The collection started off brilliantly. The first story was so brilliant, I even emailed the author to tell him so. He replied, “just because one story’s brilliant doesn’t mean they all will be.” Ha! I laughed. I read the second story. Again, brilliant! One of my favourites. What’s he on about, I thought. He’s being too modest. I read the third. Hmm ... okay, I’m not sure about this one. Perhaps my ambivalence had to do with the fact that it is written in a dialect, which was tough to follow (I’ll go more into that in a minute.)

Overall, some stories weren’t as strong as others, but the strong ones were really strong. Strong enough for me to want to give the book five stars. In the end of opted for four, because I decided I should be looking at the collection as a whole, not just what I loved about it.

So let me break this down into subheadings:

Female Narrators

Sometimes (not always) I couldn’t recognize the female narrators as such. On many occasion they sounded male to me, but perhaps that’s because I know the author personally and could recognize his own voice in the pieces. So this could absolutely be a matter of being too close to the author. I’d love to hear your thoughts on this if you decide to read the book.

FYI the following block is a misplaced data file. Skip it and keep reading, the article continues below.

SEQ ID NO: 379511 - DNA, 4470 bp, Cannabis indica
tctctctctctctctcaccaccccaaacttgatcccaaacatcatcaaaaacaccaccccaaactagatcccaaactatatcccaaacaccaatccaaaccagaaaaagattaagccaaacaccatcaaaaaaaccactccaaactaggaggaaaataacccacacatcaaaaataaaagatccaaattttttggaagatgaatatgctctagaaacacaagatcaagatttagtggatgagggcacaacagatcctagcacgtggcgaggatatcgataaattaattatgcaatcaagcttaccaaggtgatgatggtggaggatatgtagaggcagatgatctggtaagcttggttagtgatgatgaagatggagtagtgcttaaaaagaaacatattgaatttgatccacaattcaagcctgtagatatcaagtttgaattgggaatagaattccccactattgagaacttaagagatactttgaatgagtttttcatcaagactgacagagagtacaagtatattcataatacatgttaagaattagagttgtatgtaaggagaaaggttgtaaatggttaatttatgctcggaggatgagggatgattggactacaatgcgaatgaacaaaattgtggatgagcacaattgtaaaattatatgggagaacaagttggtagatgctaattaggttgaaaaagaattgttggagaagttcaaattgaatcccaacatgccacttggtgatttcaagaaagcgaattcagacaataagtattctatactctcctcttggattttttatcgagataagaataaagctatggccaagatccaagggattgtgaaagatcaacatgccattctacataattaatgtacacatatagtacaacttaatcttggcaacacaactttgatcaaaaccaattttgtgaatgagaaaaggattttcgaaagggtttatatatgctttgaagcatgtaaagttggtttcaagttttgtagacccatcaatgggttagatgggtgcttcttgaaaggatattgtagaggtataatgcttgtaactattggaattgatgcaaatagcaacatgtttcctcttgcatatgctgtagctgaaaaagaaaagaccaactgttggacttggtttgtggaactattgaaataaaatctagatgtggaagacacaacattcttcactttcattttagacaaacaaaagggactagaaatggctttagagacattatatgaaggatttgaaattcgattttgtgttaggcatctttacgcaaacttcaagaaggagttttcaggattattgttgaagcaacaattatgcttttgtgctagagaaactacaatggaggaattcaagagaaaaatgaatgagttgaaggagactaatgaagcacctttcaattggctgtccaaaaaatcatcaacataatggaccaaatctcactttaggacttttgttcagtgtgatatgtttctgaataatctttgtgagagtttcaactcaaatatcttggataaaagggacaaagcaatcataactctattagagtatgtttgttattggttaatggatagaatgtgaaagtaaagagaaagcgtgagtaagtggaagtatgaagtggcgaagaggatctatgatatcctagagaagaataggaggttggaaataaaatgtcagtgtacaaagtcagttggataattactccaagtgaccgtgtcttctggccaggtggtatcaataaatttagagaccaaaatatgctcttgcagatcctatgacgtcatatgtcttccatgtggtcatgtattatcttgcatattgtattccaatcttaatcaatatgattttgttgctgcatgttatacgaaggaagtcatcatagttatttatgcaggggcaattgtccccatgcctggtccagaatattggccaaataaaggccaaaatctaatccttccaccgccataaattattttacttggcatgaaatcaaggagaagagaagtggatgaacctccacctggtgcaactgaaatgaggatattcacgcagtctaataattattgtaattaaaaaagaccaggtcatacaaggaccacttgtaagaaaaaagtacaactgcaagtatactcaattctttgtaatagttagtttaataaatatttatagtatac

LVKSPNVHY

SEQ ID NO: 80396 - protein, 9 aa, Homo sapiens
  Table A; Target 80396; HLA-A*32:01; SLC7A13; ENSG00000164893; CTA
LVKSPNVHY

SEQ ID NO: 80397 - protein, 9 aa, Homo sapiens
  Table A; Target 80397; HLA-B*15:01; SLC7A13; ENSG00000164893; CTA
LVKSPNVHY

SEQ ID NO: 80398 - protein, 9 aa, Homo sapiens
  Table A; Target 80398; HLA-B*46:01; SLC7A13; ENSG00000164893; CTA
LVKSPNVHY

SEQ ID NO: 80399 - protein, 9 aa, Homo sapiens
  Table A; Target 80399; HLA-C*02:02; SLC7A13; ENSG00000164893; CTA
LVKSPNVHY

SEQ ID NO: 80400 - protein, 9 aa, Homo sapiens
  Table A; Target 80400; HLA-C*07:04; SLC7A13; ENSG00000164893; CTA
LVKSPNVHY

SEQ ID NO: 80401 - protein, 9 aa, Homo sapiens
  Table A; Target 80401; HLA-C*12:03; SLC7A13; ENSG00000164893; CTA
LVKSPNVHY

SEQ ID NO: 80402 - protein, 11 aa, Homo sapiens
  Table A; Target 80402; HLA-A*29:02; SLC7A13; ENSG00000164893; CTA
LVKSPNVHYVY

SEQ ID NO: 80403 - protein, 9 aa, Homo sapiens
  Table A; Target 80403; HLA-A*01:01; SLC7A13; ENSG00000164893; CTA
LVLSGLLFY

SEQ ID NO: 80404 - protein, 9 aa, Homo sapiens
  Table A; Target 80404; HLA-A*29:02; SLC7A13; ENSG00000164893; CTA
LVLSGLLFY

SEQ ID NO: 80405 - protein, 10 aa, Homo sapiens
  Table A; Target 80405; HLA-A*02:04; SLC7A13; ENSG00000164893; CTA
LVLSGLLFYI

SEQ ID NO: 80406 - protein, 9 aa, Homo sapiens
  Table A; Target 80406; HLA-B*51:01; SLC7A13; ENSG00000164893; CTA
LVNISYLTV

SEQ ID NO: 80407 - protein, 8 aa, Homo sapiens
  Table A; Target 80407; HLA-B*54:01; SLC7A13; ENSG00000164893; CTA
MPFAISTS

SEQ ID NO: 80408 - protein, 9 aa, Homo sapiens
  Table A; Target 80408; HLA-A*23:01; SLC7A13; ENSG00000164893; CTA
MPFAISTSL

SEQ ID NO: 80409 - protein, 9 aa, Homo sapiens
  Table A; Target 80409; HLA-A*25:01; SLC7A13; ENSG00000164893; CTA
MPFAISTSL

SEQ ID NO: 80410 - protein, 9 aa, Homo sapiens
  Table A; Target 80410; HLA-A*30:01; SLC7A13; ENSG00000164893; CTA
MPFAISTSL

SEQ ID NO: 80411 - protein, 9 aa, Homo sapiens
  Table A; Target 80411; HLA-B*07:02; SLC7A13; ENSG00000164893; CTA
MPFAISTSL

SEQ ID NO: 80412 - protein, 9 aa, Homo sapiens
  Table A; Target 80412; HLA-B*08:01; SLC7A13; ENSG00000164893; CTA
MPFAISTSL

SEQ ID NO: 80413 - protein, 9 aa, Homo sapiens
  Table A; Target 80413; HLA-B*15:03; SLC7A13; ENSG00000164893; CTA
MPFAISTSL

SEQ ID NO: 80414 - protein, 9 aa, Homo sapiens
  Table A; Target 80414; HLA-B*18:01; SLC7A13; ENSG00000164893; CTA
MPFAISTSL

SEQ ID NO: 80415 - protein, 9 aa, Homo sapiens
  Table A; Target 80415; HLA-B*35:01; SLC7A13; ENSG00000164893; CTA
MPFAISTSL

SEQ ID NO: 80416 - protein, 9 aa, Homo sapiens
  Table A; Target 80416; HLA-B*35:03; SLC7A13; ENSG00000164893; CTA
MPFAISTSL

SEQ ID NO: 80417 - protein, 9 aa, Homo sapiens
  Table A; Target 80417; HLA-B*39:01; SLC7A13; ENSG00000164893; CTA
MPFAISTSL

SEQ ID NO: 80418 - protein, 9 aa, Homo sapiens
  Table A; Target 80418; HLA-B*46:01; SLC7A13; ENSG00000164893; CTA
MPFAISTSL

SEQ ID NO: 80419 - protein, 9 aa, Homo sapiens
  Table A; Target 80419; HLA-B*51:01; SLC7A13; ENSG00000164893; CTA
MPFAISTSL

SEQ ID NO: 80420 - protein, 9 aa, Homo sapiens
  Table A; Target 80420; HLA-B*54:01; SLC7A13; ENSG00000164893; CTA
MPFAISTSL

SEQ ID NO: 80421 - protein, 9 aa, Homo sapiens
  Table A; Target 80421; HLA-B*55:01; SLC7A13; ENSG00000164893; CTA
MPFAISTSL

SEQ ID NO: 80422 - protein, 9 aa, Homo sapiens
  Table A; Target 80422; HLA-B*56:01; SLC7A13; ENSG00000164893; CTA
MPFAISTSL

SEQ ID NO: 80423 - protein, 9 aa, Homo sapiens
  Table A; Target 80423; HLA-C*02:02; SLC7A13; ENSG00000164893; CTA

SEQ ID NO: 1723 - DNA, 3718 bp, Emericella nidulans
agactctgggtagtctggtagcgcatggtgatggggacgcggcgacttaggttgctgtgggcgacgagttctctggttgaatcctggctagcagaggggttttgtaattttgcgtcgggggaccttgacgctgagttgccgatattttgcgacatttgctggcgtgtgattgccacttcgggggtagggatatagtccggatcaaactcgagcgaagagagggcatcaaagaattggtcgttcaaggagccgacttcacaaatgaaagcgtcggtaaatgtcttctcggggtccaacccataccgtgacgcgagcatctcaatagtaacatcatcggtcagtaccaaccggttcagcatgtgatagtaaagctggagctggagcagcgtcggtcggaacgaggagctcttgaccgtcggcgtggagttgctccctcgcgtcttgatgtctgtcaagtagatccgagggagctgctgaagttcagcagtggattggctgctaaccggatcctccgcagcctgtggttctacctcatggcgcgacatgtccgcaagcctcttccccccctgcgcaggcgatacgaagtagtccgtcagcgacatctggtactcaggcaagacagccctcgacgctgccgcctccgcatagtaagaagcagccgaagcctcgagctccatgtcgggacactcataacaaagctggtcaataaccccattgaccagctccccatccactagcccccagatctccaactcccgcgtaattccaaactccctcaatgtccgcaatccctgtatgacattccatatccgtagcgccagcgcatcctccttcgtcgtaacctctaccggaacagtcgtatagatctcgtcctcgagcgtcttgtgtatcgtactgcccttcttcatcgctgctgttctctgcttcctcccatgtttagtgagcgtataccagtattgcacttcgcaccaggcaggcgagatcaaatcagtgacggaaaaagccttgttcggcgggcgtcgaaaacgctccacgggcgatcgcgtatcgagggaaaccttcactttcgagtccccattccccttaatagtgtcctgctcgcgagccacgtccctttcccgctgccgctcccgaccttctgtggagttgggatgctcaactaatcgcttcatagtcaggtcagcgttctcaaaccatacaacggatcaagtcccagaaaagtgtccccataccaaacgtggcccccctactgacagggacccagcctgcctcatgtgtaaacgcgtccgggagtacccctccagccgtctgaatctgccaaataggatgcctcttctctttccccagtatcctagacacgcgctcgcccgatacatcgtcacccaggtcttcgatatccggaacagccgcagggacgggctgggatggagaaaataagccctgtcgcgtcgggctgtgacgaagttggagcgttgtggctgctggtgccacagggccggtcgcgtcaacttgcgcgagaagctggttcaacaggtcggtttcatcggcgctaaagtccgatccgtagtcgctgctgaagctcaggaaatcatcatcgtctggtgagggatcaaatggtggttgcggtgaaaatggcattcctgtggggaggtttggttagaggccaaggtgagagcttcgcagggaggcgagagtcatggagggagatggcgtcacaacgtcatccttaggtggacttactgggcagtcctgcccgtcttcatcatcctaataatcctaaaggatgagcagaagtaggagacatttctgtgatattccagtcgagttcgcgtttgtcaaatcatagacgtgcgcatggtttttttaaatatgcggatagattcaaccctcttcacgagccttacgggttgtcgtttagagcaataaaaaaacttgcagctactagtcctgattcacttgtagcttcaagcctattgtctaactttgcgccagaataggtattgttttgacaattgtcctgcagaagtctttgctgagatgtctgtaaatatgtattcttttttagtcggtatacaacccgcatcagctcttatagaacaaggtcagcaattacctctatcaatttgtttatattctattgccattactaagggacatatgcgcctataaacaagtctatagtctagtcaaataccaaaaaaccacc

I felt that, on occasion, the dialogue is a tad wooden. I think it has to do with the fact that, in these few instances, it is too “what you read is what you get,” and doesn’t integrate enough subtext. However, some of the dialogue is so well done that I experienced writer envy. I just adored the way he approached the dialogue in the story, Life, in which a man reflects on his right as a man to cheat on his wife:

It’s only fair one supposes that, as he thinks about other women while he’s making love to his wife, then he should return the favour while making love to another woman.

“Stephen? What’s up”
“I can feel that. What’s going on?”
“For God’s sake, Mary, I’m doing my best.”
“Helen, yes ... sorry.”
“Come on, lover boy.”
“Just give me a second will you?”
“I could flick you again.”

First Lines

Murdoch is a master at first lines. Clever, witty, all-round fabulous. Here are some of my favourites:

“If there’s one thing that annoys me about my mother it’s this: she watches life with the sound off.” (Coping)

“I’d always expected one day I’d feel this click inside, from OFF to ON, and I’d go, yes, now’s the right time to start thinking about having kids.” (Failing)

“Nowadays people make too much of a thing about being touched.” (Islands)

“All men are the same—a few bubbles short of a bath,” (Silence)

“Now befaw we go too fah down dis road let’s you and me get a few tings straight: I’m yer narratah; my name’s nonna yer goddamn business, but whad I say goes.” (Monsters)